By Jason Coker
After the world crumbled to the ground in Nepal, the swami from our local Hindu temple sent the rest of the clergy in town an email — a very simple, yet profound email. He asked all of us to attend a prayer service at the temple for the victims of the earthquake because he wanted all of us to pray together for the thousands of people who lost their lives and livelihoods as well as those who survived and have been irreparably altered. I responded and told him I would participate and invite the congregation I served (Wilton Baptist Church). Other clergy did likewise.
After church services were finished on Sunday, I went to the temple to talk with the swami about what I needed to do at the service. He asked me if I could lead it! He showed me who would be in attendance, he showed me where we would be praying, and he asked if I could function as the host.
Swami BalGopal has only been in our town for several months, and he helped start the Hindu temple. Needless to say, in our sleepy little New England town, a Hindu temple is big news. We’ve had a healthy growth in our Indian population over the last decade, and the population in our town called for their own place of communal worship. When the Evangelical Covenant Church closed a couple years ago, there was a sacred place for a new home. There are shrines to various Gods throughout the temple, and to be honest, it’s a lot to take in for a Baptist — at least this Baptist. What is equally overwhelming is the swami’s genuine hospitality and the generosity of spirit from the Hindu community.
So, I led the prayer service at the Hindu temple. A representative from the Congregational Church was there, representatives from the Sikh community were there, we had a local representative, and our state senator, along with a couple of people from our church — plus, approximately 70 to 100 from the temple (that’s me doing my best to hedge off ministerial exaggeration).
A young man who had survived the earthquake spoke to all of us and thanked us for our prayers. A member of the temple told us that he has lost eight friends and has more who are missing. Many from the temple have lost family members and friends. It was devastating to hear their testimonies as they fought away tears. The president of the temple said how thankful he was for so many non-Hindus, who came to pray with them and share in their mourning. Then we all prayed — Christian prayers, Sikh prayers and Hindu prayers. We closed the service by walking around a large shrine where we had placed our candles to represent our prayers. After the service, the temple fed everyone with one of the most amazing potluck dinners I’ve ever experienced.
I was confronted the next day by a fellow Christian (thankfully not a member in my church). He was distraught to learn that I participated in the service (I did not share that I, in fact, led the service). He could not understand how I could or why I would participate in a prayer service with people who “lived in darkness.” This anxiety came from a deep place in his faith journey, and he is not alone in his anxiety about interfaith services and experiences. He quoted Scriptures that validated his points and asked me for a response. It did not feel like any response that I gave him would help him understand my participation in the event, but I don’t want to just throw him under the proverbial bus. I think he voiced questions that many Christians have about interfaith interaction. These Christians are not alone in their fear of the other. This sort of fear is pervasive in, I dare say, all religious traditions. So, how do we keep the faith in interfaith experiences?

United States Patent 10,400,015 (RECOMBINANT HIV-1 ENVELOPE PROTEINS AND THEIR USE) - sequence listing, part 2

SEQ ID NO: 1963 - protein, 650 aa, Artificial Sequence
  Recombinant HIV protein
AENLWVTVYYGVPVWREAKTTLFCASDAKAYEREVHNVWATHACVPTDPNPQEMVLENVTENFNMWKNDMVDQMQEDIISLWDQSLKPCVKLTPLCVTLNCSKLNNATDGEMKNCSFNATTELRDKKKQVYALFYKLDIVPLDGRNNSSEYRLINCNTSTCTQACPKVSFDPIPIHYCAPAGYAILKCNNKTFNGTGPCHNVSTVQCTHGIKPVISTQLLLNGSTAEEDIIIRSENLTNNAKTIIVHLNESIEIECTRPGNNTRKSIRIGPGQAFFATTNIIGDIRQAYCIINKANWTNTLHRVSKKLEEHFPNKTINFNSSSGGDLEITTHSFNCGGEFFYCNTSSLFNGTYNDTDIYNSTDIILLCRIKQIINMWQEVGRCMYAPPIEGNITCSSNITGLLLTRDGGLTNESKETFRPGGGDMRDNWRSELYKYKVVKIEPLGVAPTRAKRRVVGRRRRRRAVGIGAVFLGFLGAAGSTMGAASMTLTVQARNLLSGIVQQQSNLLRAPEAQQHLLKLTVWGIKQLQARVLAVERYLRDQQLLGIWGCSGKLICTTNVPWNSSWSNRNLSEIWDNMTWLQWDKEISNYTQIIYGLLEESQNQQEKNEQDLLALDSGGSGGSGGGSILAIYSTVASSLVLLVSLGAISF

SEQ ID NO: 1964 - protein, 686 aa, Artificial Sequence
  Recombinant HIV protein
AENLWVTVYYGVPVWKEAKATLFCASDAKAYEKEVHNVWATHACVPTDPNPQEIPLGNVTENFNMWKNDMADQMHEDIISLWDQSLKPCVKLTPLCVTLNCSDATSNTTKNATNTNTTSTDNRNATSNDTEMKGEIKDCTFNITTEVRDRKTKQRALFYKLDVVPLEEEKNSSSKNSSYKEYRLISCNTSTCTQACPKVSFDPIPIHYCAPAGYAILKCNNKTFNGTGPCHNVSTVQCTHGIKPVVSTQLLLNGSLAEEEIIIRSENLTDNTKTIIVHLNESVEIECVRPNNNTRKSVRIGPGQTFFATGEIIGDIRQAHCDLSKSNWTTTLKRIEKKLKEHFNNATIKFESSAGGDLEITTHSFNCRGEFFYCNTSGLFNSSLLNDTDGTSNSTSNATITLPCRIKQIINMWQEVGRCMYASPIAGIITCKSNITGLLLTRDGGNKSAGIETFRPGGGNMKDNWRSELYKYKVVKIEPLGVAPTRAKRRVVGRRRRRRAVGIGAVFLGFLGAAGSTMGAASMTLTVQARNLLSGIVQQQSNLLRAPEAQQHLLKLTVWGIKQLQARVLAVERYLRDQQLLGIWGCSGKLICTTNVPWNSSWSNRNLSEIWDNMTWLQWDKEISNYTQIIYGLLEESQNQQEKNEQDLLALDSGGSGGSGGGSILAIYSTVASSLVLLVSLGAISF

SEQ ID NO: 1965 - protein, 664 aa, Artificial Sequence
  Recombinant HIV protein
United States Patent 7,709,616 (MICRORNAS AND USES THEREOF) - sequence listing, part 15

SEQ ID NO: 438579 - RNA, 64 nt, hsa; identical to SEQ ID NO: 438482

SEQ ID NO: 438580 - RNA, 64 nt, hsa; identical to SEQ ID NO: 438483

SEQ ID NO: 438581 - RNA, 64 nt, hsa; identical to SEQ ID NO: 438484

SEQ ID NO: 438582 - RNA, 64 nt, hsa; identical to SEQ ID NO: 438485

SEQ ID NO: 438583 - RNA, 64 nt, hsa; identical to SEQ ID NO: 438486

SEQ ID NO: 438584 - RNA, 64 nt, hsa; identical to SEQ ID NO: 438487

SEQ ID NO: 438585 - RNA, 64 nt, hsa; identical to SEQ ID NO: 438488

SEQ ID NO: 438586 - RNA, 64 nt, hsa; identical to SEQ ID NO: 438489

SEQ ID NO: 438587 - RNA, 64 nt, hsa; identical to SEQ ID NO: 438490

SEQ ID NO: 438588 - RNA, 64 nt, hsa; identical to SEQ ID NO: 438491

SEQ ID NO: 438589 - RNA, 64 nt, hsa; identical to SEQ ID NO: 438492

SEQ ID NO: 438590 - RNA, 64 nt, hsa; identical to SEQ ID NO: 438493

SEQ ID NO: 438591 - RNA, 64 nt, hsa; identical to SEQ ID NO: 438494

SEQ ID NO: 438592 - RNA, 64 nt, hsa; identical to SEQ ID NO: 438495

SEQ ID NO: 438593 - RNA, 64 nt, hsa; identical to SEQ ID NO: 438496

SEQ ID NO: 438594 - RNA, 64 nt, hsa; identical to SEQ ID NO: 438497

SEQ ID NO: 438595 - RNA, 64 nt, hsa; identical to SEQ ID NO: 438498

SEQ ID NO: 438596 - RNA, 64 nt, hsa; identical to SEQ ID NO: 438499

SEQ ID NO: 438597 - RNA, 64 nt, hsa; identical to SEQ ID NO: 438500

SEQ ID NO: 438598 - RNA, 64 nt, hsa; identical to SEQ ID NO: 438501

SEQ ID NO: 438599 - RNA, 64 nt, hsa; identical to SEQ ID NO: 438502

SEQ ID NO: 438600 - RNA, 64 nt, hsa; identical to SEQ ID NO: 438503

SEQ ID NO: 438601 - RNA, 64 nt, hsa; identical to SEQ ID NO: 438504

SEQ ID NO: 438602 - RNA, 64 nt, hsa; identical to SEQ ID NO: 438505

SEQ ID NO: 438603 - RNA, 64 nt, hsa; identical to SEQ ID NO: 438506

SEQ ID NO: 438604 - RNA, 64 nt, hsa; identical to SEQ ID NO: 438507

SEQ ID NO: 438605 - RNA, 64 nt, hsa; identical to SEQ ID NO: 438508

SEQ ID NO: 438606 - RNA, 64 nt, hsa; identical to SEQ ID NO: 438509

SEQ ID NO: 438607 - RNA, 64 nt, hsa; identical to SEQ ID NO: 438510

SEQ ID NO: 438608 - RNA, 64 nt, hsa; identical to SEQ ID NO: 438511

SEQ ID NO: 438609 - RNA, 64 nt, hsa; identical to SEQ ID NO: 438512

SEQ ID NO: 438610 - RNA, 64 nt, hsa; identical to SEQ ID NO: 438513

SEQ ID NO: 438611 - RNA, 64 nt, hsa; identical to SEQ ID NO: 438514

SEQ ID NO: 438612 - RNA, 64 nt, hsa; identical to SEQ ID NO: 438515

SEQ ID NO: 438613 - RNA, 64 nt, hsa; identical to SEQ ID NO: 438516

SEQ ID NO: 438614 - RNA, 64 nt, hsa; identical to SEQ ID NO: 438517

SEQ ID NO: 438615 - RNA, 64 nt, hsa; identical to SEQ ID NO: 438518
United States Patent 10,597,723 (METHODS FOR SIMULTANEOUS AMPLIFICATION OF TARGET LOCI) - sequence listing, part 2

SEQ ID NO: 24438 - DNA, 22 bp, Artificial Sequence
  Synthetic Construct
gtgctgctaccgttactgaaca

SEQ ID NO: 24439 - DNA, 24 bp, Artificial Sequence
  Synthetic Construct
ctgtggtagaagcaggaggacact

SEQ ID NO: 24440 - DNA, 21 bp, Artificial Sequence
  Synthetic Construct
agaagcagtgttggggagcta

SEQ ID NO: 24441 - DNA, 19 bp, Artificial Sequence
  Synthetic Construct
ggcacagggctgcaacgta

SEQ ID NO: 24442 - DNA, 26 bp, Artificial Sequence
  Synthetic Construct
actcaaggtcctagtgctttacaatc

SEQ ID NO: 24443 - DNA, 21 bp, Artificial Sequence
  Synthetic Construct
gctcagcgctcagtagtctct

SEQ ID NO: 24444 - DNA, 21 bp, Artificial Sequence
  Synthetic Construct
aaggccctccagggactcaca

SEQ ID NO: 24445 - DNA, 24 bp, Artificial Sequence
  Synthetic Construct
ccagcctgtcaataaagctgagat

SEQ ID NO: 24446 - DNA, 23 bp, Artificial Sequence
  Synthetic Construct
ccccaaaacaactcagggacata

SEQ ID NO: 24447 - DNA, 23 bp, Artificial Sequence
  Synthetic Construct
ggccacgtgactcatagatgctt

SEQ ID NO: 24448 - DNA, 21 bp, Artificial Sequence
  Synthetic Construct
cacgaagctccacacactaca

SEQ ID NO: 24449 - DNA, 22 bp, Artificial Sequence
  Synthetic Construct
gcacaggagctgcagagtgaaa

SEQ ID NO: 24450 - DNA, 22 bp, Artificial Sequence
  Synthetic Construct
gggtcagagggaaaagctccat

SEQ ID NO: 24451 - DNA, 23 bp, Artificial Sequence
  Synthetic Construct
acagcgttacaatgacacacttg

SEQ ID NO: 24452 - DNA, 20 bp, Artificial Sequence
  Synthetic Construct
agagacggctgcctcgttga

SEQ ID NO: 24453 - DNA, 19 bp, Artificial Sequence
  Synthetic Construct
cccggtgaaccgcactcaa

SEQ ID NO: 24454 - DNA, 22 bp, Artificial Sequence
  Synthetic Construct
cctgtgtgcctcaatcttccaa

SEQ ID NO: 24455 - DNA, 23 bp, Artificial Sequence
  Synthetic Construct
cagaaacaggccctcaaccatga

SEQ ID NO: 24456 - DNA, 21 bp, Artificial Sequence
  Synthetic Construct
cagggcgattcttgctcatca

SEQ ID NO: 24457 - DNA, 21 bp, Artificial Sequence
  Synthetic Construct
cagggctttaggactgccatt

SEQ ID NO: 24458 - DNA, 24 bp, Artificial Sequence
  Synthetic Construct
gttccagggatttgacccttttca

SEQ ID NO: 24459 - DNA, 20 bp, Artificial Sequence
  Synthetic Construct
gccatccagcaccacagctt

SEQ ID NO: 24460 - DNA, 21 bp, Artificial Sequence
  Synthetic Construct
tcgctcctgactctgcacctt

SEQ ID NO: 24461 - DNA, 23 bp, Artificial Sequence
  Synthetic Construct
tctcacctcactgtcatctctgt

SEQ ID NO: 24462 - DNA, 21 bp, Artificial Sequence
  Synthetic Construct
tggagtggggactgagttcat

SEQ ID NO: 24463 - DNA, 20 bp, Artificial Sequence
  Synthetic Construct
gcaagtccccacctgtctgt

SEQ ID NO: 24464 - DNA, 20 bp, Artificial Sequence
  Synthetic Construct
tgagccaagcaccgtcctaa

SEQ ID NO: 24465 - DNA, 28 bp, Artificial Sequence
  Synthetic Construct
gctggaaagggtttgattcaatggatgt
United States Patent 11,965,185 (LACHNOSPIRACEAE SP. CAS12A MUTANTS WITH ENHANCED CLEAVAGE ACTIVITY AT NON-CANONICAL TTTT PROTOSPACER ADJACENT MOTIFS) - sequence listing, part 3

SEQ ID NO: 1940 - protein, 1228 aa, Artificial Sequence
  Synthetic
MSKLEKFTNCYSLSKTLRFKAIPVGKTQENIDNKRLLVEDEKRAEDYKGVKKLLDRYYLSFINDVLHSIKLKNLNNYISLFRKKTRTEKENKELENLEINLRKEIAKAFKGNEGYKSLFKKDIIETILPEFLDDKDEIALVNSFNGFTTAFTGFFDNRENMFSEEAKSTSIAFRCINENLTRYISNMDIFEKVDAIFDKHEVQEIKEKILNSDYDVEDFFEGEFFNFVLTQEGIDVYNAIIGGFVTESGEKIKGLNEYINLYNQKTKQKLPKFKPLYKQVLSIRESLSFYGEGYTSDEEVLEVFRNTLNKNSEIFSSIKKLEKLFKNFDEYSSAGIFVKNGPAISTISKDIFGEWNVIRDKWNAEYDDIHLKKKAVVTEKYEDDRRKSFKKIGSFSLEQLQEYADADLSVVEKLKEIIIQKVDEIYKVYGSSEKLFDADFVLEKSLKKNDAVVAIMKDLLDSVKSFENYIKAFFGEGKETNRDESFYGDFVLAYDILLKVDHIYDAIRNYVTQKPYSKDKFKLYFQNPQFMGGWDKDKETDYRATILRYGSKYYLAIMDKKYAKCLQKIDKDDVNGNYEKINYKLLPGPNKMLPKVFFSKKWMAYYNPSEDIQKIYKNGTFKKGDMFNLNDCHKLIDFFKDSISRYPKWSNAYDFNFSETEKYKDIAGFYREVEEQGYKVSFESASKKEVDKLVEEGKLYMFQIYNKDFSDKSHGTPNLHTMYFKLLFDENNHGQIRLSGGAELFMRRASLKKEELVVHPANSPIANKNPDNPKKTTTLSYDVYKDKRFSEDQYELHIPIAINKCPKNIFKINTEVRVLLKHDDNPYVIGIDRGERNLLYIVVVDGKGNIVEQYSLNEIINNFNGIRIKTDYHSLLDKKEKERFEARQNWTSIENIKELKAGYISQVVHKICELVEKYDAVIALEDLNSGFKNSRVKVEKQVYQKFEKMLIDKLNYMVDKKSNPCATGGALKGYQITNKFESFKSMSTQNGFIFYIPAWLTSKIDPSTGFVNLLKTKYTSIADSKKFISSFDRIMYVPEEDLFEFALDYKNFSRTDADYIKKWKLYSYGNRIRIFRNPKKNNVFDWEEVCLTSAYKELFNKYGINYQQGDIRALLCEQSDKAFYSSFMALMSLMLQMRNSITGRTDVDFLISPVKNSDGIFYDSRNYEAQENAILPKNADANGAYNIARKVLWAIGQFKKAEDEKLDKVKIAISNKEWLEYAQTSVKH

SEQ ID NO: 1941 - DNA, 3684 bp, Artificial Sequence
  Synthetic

Rather than go into a litany of biblical passages — you know, the obvious ones: “Love your neighbor as yourself” (Mark 12:31), “Do to others what you would have them do to you” (Matt. 7:12), “Be humble, thinking of others as better than yourself” (Phil. 2:3), etc. — I’d rather provide a very human response (and I hope Christian response). I echo what the great preacher/prophet Chuck Poole said at an interfaith service in Jackson, Miss., that was hosted by the large and growing Turkish population there. Paraphrasing the Prophet Poole, “The closer I get to God, the closer I get to all the people God made.”
I find this to be very true in my own faith journey, and for me, this puts the faith in interfaith. I have so much respect for what the swami is doing for the Hindu population in Wilton. If I was ever living in a country where Christianity was a super minority religion, I would only hope to find a Christian community with such dedication and faith. I would hope that the majority religion would respect me/us enough to pray with us and for us — especially if something tragic happened to our loved ones. I would hope that they wouldn’t think that we were living in utter darkness because we were Christians. This is how Jesus affects my thinking! It’s definitely Jesus’s fault that I have respect and compassion for people of other faiths and religions. I don’t know if I’d think this way without his guidance.
The real challenge to my faith, isn’t different religions — not even different denominations. The challenge to me is generously extending this same respect and compassion for those who claim a faith identity that is very close to my own, and yet judging me to hell for what they perceive as my personal heresy. Am I enough of a Christian to love those who refuse to pray with me? If I’m growing closer to God, then am I also growing closer to these people who God also created in God’s very own image? I hope so!